Ruth Henley began her musical education at the age of twelve in the famous Leicestershire Schools Orchestra. Following her studies at the Birmingham School of Music, where she won numerous prizes including the Sylvia Cleaver Prize for Chamber Music on two occasions, Ruth transferred to the Royal Academy where she studied on the post graduate performance course. She was privileged to be invited to take part in Masterclasses with Jacqueline Du Pré and subsequently studied for a time with Alexander Baillie. Like Alex, Ruth is very happy in the orchestra pit, particularly for opera. She was principal cellist for Mid-Wales Opera for five years, with whom she toured throughout Wales, and has also enjoyed working for many operatic societies and for Birmingham Rep. where, on a memorable night, she was extended the great honour of being allowed to play the hooter as the Cowardly Lion was punched on the nose! Ruth has performed all over the United Kingdom as a recitalist, in diverse chamber ensembles and as a concerto soloist, including performances of the Elgar, Dvořák, Schumann and Saint-Säens concerti, and Leighton’s Veris Gratia for Oboe, Cello and String Orchestra. She champions the music of her husband Paul, being honoured to give the premières of all of his works for cello to date, and taking part in performances of larger scale chamber music and orchestral works. Currently she is very busy with Jarualda and in much demand as a section principal for numerous orchestras and choral societies.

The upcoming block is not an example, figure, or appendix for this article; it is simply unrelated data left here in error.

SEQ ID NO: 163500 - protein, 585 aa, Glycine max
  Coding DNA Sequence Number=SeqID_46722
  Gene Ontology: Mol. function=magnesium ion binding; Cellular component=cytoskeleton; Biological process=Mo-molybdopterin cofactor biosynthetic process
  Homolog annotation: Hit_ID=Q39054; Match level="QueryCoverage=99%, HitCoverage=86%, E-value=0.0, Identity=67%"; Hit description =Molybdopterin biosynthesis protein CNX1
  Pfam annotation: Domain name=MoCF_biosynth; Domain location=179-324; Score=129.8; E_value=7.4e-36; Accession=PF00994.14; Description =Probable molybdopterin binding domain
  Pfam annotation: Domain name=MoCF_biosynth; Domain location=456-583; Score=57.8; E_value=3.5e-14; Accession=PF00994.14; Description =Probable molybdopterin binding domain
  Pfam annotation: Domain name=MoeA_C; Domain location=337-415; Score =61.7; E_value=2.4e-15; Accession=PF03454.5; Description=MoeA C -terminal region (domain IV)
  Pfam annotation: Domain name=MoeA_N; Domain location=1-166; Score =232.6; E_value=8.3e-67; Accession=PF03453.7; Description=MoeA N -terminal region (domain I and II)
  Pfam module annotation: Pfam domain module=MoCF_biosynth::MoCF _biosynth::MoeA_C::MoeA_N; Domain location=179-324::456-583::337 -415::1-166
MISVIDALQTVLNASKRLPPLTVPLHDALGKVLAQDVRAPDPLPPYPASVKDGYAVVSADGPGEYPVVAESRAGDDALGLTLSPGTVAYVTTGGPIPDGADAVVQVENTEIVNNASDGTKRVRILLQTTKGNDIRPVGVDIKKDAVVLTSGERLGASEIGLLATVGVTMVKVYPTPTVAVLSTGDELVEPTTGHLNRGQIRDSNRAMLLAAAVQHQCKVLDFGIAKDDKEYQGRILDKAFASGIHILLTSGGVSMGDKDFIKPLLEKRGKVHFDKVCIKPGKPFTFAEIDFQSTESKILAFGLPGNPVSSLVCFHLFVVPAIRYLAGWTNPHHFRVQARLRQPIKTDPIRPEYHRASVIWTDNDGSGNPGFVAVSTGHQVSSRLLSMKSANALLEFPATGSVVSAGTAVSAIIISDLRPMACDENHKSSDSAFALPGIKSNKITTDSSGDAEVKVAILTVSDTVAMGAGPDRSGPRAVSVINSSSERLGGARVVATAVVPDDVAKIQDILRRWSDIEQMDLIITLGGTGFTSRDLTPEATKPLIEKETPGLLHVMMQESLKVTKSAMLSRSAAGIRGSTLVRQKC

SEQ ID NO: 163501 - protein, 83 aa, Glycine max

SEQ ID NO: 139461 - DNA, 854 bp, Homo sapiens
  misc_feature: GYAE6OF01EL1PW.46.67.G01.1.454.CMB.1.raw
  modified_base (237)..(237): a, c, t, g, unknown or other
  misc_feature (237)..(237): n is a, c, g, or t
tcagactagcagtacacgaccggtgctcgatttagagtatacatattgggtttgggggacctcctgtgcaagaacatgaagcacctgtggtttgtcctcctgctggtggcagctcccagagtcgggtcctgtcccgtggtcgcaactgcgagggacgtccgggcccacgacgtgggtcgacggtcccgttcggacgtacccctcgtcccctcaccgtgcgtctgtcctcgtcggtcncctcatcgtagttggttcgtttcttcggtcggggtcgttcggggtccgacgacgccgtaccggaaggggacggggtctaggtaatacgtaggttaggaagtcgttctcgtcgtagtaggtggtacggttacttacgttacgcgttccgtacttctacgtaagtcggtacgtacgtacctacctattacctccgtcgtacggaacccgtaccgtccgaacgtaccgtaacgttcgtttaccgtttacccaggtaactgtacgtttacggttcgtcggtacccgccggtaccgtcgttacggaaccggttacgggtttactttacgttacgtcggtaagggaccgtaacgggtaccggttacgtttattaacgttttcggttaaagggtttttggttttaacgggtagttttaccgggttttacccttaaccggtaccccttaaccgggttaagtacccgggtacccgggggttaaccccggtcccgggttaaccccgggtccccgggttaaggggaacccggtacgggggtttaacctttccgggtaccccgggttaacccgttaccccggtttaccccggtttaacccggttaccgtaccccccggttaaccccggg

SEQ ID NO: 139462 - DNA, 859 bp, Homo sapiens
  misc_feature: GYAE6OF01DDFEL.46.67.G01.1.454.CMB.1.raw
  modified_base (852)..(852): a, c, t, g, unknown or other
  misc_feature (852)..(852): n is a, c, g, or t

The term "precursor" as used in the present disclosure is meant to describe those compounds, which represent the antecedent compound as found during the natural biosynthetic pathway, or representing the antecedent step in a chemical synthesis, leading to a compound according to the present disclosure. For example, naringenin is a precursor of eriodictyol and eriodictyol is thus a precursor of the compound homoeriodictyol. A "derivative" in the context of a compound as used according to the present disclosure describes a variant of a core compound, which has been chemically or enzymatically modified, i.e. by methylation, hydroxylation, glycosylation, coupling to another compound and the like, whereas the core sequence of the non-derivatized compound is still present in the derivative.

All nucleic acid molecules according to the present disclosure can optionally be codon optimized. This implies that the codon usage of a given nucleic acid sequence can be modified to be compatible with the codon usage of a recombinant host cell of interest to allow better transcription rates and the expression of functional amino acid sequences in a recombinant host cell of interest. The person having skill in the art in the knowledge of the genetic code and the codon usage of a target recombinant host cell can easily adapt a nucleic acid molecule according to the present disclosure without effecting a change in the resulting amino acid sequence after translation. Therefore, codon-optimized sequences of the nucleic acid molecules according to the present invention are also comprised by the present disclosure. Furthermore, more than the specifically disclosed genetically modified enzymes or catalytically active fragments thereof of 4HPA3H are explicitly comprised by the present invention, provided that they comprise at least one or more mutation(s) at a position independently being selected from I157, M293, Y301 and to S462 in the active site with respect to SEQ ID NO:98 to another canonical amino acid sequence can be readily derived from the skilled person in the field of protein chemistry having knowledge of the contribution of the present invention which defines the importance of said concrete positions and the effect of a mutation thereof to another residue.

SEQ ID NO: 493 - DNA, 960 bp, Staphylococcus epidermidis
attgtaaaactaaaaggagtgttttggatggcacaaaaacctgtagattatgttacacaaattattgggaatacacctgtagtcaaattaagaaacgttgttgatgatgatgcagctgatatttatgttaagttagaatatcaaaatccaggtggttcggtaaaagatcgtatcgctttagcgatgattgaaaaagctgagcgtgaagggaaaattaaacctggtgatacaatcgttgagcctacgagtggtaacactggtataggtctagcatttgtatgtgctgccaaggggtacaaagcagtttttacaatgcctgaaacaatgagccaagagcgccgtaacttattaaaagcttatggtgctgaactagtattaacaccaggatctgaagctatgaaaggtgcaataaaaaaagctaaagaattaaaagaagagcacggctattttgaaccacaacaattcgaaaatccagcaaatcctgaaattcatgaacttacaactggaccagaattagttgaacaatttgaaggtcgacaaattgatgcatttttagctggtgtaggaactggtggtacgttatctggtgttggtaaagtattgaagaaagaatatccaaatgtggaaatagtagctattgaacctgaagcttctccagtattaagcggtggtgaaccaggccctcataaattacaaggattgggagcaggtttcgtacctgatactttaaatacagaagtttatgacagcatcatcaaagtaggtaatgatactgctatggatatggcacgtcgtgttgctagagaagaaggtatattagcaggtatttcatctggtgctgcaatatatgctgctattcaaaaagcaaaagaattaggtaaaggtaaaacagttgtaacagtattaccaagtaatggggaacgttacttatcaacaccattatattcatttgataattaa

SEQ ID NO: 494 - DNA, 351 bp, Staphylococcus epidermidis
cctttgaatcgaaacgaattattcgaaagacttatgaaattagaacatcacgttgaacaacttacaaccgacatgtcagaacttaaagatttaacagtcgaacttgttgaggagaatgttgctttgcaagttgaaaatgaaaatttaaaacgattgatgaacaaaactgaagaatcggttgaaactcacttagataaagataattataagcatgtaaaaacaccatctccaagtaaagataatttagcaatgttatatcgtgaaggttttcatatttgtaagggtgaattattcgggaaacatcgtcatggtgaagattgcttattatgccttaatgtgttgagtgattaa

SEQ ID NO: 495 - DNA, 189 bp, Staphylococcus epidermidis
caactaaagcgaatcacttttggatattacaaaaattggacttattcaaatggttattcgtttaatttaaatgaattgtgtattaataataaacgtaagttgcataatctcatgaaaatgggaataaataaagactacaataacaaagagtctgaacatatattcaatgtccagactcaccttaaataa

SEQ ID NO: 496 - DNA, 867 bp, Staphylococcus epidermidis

David Joyce is a professional Violin and Viola player, working as Head of Strings at Shrewsbury School. He also teaches at the Royal Birmingham Conservatoire on a Saturday. In the summer, David is the first Violin coach for the National Scout and Guide Orchestra. Trained at the Purcell School and the Royal College of Music, David worked with some of the top UK orchestras before settling down with his family in Shropshire. He often still appears as the leader of regional orchestras and has been in four professional String Quartets over the years. He is in a long-standing duo with Richard Silk (ex-Birmingham Conservatoire Director of Studies) – they play both Baroque and more modern programmes together. David has played as concerto soloist with several orchestras and has performed on his violin in many countries of the world, including America, France, Spain, Norway, Germany, Switzerland and, more recently, in Hong Kong. He often visits Hong Kong to give masterclasses and workshops. His violin is a 1903 Stradivarius model made by W.E. Hill and co. and he plays on a modern interpretation of a Guadagnini viola. Future projects include more work with young string players in schools, a performance of the Mendelssohn Violin concerto and a Tour and a visit to Thailand to play. He lives in Shrewsbury with his wife & daughter and his hobbies include playing golf and collecting regional ales from trips around the country.